Maryland's First Oyster Shell Recycling Alliance Begins - Southern Maryland Headline News

Maryland's First Oyster Shell Recycling Alliance Begins


Reused Oyster Shells Will be Used for Natural Habitats, Oyster Repopulation

ANNAPOLIS (March 25, 2010)--The Oyster Recovery Partnership launched Maryland’s first Oyster Shell Recycling Alliance today in Baltimore, together with more than 20 restaurants, catering companies and seafood wholesalers, the regional oyster shucking community and volunteers. The Alliance will focus on collecting used oyster and clam shells from restaurants and caterers in the Baltimore/Annapolis/Washington, DC metro area.

“This initiative is not only the first of its kind in Maryland, it is special because it all began with volunteers from the oyster shucking community who care deeply about our Bay,” said Stephan Abel, Executive Director of Oyster Recovery Partnership. “This community has a culture and a historical significance all their own. Their foresight and leadership made this Alliance happen.”

Oyster shell is a limited resource that needs to be recycled. Reused oyster shell provides crucial natural habitat for new oysters in the Chesapeake Bay and is used exclusively by the University of Maryland Center for Environmental Science Horn Point hatchery for its oyster setting process.

Local oyster shuckers, watermen and Oyster Recovery Partnership staff are conducting ongoing pickups delivered to three dumpsters in the region. The shell are then transported via Oyster Recovery Partnership vehicles and deposited to the University of Maryland Center for Environmental Science (UMCES) Horn Point Lab Hatchery in Cambridge, MD for aging. About one year after collection, the hatchery attaches small oysters (“spat”) to the shells and they are replanted into the Bay on strategically-designated areas by the Oyster Recovery Partnership in cooperation with our many partners including the UMCES, Department of Natural Resources (DNR), National Oceanic and Atmospheric Administration (NOAA), Army Corp of Engineers, University of Maryland, Maryland Watermen Association and Chesapeake Bay Foundation.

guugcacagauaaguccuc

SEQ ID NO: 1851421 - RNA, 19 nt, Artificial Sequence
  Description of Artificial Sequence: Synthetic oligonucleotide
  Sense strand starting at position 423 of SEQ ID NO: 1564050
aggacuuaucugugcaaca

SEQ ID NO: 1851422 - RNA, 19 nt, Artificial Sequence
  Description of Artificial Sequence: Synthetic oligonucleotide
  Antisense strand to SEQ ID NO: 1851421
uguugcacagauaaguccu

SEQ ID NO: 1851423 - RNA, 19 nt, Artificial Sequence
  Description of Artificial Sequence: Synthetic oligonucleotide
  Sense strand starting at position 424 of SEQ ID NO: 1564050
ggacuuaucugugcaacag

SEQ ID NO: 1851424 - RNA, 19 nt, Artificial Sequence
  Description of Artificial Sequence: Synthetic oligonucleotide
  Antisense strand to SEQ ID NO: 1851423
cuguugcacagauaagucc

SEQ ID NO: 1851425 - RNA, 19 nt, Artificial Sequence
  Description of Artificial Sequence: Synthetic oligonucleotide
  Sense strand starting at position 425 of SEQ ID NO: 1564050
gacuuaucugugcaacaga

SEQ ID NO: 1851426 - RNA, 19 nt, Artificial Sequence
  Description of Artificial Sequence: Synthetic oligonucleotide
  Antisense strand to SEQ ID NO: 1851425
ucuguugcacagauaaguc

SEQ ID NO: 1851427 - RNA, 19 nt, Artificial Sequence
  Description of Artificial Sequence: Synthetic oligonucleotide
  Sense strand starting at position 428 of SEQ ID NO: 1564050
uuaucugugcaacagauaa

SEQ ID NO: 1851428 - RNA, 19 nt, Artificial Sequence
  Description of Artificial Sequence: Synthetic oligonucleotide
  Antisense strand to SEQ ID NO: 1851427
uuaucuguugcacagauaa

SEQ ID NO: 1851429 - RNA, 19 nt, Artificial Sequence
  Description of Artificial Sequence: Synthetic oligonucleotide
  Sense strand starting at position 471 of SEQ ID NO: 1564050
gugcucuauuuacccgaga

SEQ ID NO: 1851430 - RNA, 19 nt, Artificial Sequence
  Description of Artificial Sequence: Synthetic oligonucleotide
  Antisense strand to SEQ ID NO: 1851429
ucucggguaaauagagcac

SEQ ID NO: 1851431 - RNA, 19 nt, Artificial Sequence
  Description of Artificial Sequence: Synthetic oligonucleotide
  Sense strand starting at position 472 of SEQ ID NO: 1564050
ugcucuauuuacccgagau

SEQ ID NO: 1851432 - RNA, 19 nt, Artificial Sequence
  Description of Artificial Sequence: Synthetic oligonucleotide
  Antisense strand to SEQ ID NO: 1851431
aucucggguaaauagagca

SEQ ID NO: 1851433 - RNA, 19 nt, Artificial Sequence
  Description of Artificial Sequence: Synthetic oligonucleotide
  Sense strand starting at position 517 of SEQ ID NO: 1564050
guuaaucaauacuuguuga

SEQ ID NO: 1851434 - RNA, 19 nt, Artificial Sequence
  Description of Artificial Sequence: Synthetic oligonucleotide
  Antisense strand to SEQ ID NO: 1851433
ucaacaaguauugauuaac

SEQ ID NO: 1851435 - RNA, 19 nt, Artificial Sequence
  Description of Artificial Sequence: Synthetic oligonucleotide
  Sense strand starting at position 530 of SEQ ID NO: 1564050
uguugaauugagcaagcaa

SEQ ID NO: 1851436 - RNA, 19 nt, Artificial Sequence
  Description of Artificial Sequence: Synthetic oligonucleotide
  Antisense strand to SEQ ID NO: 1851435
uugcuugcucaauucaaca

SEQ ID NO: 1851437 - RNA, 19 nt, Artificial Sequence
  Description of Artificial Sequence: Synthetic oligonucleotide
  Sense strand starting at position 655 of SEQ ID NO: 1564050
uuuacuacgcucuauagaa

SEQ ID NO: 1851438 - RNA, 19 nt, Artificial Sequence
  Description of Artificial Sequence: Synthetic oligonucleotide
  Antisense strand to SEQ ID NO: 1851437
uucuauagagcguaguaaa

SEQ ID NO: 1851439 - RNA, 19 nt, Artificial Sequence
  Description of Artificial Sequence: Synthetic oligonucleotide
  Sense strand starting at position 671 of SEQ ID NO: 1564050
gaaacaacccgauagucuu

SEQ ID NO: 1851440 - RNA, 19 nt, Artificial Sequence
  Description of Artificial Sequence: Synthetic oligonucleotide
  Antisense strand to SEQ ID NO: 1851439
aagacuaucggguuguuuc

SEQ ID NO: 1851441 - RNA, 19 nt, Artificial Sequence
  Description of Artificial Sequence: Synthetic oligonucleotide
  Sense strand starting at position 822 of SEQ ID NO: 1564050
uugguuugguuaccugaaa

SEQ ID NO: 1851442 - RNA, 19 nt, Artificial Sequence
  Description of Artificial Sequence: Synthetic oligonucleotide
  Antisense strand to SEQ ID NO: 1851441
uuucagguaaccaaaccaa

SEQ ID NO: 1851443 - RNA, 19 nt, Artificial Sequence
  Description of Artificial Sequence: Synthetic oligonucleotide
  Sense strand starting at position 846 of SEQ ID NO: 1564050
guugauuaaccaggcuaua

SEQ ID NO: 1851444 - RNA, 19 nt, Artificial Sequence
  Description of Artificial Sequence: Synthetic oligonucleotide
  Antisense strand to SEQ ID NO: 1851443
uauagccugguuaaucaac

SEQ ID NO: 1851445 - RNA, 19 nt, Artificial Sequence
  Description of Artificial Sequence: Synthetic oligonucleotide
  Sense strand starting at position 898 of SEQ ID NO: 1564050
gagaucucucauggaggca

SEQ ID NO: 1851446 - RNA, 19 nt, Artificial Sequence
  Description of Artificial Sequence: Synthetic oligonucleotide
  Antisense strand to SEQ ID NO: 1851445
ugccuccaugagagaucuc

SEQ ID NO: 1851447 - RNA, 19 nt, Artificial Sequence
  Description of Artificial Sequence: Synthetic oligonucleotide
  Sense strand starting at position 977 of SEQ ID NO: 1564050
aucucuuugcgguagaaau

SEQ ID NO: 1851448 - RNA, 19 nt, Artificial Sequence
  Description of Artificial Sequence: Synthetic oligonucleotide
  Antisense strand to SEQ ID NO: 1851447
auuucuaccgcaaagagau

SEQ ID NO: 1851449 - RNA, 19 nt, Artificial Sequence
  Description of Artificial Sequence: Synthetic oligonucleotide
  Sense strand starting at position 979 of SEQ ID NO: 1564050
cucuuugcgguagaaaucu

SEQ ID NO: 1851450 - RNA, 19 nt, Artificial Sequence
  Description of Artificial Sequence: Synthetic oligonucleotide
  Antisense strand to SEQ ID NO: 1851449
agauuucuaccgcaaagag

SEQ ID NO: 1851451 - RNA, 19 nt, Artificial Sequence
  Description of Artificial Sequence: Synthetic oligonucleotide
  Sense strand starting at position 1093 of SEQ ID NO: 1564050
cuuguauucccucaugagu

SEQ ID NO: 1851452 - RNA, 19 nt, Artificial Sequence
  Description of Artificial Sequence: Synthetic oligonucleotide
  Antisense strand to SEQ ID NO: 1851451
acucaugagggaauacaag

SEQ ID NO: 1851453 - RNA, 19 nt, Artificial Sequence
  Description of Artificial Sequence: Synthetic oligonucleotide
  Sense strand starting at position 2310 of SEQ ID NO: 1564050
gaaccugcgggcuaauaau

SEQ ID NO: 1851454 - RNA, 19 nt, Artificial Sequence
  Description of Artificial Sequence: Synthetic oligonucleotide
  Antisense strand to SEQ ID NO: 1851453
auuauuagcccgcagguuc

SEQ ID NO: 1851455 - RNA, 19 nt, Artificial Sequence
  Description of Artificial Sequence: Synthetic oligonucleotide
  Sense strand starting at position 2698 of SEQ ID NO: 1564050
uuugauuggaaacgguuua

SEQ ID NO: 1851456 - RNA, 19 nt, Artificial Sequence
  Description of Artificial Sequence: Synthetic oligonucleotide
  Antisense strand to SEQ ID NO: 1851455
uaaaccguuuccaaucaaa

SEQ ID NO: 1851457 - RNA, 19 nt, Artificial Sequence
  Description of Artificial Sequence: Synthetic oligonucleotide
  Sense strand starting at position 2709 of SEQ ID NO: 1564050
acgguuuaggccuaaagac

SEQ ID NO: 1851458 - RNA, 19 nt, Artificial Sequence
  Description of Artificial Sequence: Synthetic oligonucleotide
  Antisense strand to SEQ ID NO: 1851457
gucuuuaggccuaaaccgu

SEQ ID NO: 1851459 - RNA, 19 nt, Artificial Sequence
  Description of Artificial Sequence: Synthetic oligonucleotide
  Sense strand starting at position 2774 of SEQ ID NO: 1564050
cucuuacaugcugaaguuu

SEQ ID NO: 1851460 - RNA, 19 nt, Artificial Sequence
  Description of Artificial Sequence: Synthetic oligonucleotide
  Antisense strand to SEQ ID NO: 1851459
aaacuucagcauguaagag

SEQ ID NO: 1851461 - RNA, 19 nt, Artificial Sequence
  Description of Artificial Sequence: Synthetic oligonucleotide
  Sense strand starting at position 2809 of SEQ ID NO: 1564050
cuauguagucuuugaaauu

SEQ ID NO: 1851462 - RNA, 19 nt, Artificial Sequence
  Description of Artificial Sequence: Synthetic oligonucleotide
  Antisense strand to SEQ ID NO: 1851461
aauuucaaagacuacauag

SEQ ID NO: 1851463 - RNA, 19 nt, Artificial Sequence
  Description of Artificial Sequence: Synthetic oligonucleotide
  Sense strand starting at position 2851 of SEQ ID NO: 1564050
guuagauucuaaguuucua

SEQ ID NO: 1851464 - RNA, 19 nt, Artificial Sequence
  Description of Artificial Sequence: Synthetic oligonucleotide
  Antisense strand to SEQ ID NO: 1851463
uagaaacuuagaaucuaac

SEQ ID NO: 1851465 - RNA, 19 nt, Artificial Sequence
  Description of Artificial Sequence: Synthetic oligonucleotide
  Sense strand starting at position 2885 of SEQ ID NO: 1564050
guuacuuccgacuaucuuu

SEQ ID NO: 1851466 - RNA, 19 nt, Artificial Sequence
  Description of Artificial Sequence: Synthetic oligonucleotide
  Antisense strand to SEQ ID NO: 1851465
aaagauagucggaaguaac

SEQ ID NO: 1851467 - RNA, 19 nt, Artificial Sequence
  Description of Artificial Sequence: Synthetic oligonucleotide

Over the last 18 months, the pilot program collected more than 3,000 bushels or 1.5 million shells from local catering companies and on-call pickups. The successful pilot immediately attracted 20 high-profile restaurants and caterers who are now official Alliance partners. The goal is to expand the collection points across Maryland and Washington, DC. It is estimated that approximately 15 million new oysters planted be planted back into the Chesapeake Bay as a result of this initiative thus far.

“We believe we can collect about 5,000 bushels in our first Alliance year, enough shell to provide substrate for 25 million spat on shell,” said Vernon Johnson, a nationally-recognized oyster shucking competitor and Alliance volunteer. “Whether it’s one oyster or one million, every oyster shell makes a difference.”

The Alliance’s 2010 Season is sponsored by a generous donation by Maryland citizen Doug Legum and matching grant funds provided by DNR and NOAA. Oyster Recovery Partnership is currently seeking a 2011 Season sponsor.

“The Chesapeake Bay is not only an economic engine for the state of Maryland with an estimated value of over seventy billion dollars, it is a God-given gift which we have an obligation to protect. At the bottom are the oysters, filtering the water,” said Doug Legum.

Only a handful of other States currently have shell collection programs, including South Carolina and New Hampshire. Each state has customized their shell collection process to take advantage of the local oyster consumption habits. In the case of Maryland, a majority of shells are generated from catered events like Bull and Oyster Roasts.

“Recycled shell is a limited resource and a critical element in the State’s oyster restoration efforts,” said Abel. “In 2009, ORP processed, cleaned and transported 60,000 bushels of shell that was in turn used to plant more than 650 million baby oysters back to the Bay.”

Why Oysters?

Over the last century, the Chesapeake Bay has seen a dramatic decline of its native oyster population. A healthy oyster reef not only filters the Bay’s dirty waters, but also provides crucial habitat for an underwater community that furnishes valuable life support for blue crabs and fish.

Restaurant Program Specifics

Oyster shells are collected into 5 gallon containers with lids. Full containers, free of trash, should be assessable for easy pick-up. We request a weekly minimum of 5 containers to be a participant for regular pickup. Individual citizen participation is also encouraged. There are several places in Maryland to drop used oyster shell. Visit www.oysterrecovery.org to learn more. If you are interested in participating, you can sign up on the website or contact Bryan Gomes on 410.990.4970.

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